A Visit to Atlanta

Earlier this month I had the great pleasure of teaching my first classes of the year in Atlanta, Georgia. As always, the students make teaching in person a lot of fun, and it was great to meet some students that I already knew from online classes.

This time I offered two classes: an 18th century Passementerie class and my new Ribbon Embroidery class. First up, passementerie on Saturday.

This class covered basic and intermediate fringed knots with connections that can be made by hand without a loom…

Atlanta passementerie class student sample

…as well as some fun embellishments like these rosettes.

Atlanta passementerie class student sample

One of the best parts of teaching in a group is that I get to hear the excitement (and sometimes frustration) of my students when they learn a new technique. Everyone has their own favorites to take away from the class, and it’s fun to see what techniques each person is drawn to.

Groups also lead to a lot of laughs and new friendships as we work together to help everyone learn new techniques. This group was great for both their perseverance and their helpfulness, which I love!

Sunday was Ribbon Embroidery. Most of the same students were in both classes, so by this point we were pretty relaxed.

We focused on techniques specific to working with ribbon, plus stitches that work well for leaves and dimensional flowers. By the end of class, we had a lovely variety of floral designs blooming around the room.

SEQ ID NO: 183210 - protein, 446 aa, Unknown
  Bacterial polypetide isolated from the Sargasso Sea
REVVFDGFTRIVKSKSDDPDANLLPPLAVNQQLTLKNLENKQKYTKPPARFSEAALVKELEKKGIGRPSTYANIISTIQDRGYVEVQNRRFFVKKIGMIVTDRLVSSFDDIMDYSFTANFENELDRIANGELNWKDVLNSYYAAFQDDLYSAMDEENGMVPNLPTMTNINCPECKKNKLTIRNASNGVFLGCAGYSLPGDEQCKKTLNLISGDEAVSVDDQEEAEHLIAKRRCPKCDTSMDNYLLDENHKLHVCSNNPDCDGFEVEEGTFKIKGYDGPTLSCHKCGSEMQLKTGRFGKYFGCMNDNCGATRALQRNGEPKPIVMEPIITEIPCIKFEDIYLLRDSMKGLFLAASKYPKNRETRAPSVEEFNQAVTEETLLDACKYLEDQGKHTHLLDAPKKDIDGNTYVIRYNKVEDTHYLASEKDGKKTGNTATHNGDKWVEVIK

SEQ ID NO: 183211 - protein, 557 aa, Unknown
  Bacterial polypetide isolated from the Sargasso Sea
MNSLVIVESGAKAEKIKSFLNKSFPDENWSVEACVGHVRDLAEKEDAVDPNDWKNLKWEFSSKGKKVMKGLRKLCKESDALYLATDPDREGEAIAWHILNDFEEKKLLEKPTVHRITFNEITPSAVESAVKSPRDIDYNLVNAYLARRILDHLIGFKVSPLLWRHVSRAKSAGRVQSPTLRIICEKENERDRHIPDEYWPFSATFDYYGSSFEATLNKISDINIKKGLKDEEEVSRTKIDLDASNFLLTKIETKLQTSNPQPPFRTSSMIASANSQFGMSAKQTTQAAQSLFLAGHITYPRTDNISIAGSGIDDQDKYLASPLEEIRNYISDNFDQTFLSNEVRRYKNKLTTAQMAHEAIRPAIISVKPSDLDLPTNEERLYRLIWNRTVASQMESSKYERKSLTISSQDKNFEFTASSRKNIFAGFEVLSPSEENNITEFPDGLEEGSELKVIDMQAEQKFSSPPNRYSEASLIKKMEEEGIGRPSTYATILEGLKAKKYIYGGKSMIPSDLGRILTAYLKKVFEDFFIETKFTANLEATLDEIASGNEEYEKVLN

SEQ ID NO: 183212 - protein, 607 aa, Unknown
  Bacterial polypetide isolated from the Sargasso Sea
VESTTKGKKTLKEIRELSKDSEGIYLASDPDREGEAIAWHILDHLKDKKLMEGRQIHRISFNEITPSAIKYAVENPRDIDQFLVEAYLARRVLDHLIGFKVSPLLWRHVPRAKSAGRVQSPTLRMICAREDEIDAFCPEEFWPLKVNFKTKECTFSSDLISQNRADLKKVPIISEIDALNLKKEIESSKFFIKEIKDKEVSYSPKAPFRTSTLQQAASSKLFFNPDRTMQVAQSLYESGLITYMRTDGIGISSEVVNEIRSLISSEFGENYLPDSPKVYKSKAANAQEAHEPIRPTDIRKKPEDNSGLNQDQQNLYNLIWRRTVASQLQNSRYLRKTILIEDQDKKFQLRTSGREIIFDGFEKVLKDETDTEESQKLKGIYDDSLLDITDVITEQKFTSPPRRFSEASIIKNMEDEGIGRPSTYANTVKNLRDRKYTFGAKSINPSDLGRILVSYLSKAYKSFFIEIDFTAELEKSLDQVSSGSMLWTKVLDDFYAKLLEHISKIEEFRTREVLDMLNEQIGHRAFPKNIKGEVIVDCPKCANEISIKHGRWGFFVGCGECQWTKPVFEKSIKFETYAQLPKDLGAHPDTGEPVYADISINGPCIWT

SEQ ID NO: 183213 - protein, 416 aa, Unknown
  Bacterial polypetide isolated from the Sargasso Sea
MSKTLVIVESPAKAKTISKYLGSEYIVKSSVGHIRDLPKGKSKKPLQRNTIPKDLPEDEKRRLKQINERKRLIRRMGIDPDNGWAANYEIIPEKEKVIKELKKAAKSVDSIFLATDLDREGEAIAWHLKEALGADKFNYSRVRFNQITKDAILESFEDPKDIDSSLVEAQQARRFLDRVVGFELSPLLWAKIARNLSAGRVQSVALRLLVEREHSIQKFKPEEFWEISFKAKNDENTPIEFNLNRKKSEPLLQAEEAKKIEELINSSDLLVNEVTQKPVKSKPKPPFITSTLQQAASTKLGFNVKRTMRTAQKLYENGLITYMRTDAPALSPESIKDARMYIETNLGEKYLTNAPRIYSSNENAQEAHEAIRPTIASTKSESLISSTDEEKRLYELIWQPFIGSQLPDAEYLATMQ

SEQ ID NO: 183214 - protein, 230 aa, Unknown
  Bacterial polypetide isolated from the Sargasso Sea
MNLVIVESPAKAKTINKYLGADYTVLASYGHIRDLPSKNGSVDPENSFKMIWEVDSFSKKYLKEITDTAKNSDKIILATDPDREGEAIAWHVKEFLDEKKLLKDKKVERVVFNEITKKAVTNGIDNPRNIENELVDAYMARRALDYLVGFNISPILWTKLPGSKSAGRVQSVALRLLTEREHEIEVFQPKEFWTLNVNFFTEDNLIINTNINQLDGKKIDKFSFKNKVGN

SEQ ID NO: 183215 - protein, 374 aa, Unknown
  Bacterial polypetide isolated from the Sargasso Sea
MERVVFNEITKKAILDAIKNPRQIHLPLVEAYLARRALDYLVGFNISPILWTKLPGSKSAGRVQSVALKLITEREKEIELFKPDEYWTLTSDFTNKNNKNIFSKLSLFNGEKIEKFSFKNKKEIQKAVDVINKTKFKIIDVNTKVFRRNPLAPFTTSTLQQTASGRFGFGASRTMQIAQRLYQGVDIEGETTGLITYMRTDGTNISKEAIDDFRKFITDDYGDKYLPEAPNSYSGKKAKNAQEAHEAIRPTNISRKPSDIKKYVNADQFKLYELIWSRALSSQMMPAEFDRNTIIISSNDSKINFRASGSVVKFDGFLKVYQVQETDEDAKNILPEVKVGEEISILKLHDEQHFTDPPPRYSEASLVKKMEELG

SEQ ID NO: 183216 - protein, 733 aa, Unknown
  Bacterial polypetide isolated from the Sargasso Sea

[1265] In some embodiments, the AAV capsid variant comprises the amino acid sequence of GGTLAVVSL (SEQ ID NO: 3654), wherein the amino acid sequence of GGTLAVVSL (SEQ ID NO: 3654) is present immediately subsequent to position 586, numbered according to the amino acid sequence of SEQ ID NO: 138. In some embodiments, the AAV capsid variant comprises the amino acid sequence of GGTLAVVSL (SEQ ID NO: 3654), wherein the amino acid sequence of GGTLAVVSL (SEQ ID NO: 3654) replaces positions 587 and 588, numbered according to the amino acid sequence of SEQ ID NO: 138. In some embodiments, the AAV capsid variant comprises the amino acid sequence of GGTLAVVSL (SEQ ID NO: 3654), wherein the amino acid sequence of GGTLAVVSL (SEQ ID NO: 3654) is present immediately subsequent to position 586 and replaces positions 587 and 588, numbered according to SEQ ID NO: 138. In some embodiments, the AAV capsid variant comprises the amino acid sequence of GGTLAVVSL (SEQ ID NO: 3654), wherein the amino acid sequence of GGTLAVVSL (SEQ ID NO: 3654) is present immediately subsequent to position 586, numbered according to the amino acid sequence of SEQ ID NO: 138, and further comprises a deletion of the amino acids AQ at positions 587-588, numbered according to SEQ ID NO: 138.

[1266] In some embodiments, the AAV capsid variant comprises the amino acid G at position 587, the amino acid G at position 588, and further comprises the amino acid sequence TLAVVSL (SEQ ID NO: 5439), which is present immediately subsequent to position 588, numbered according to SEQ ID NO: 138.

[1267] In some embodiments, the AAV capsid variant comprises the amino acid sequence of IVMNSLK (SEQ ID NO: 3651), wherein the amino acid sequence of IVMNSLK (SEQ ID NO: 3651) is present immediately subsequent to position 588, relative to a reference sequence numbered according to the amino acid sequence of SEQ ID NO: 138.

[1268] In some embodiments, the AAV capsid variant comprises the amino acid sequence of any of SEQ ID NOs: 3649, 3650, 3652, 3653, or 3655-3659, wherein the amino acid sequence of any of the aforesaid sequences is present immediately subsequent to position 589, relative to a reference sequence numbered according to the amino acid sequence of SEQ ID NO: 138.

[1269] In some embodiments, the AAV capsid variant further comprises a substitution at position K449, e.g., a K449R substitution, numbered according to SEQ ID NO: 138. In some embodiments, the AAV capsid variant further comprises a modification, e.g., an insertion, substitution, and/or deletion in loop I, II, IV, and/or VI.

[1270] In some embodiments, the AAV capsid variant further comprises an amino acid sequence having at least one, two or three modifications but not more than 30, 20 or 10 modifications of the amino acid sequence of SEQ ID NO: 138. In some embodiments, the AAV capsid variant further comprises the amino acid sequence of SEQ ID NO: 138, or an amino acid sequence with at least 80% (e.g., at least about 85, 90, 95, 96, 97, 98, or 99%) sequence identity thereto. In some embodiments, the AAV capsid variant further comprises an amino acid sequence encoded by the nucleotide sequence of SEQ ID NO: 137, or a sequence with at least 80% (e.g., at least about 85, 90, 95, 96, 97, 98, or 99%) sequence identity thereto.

Traveling to Atlanta had an awesome bonus: I got to hang out with the fabulous Gretchen (@parttimeliontamer) and Megan (ms.maude) and spend some time exploring the city.

Gretchen took me on a tour of Atlanta fabric shops. Luckily, handing out class kits left plenty of space in my luggage for some fun new fabrics. Mostly I brought home fabric for modern clothes, but I also brought home a great metallic net that might become a 1920s evening gown.

Gretchen and Megan are also fabulous tour guides for all things food related. We sampled delicious BBQ (Korean and Texas-style) as well as great French, Southern, and Chinese restaurants. There was also delicious cake to celebrate the birthday of one of the students. Yum!

On my last day in Atlanta, we wandered around Oakland Cemetery, which was full of interesting monuments and mausoleums. This deep sense of history is something I really miss in the Pacific NW; Washington State wasn’t even settled when this cemetery was founded.

Overall, this was a really wonderful trip, and I can’t wait to visit Atlanta again! I’m so glad I built in some extra time to visit with good friends and explore a new city. I left full, happy, and excited about the future.

Last fall, Gretchen and I sat in a little café in Paris hatching a plan for me to come teach in Atlanta. It somehow felt right that one teaching trip was opening the door to others. That trend continues: while waiting for my flight to Atlanta, I was chatting about the possibilities of classes in Scotland this May. (If you’re reading this in Scotland and are interested, please shoot me a message!)

PS: Many thanks to Gretchen for taking photos of the classes! I’m always so busy I forget.

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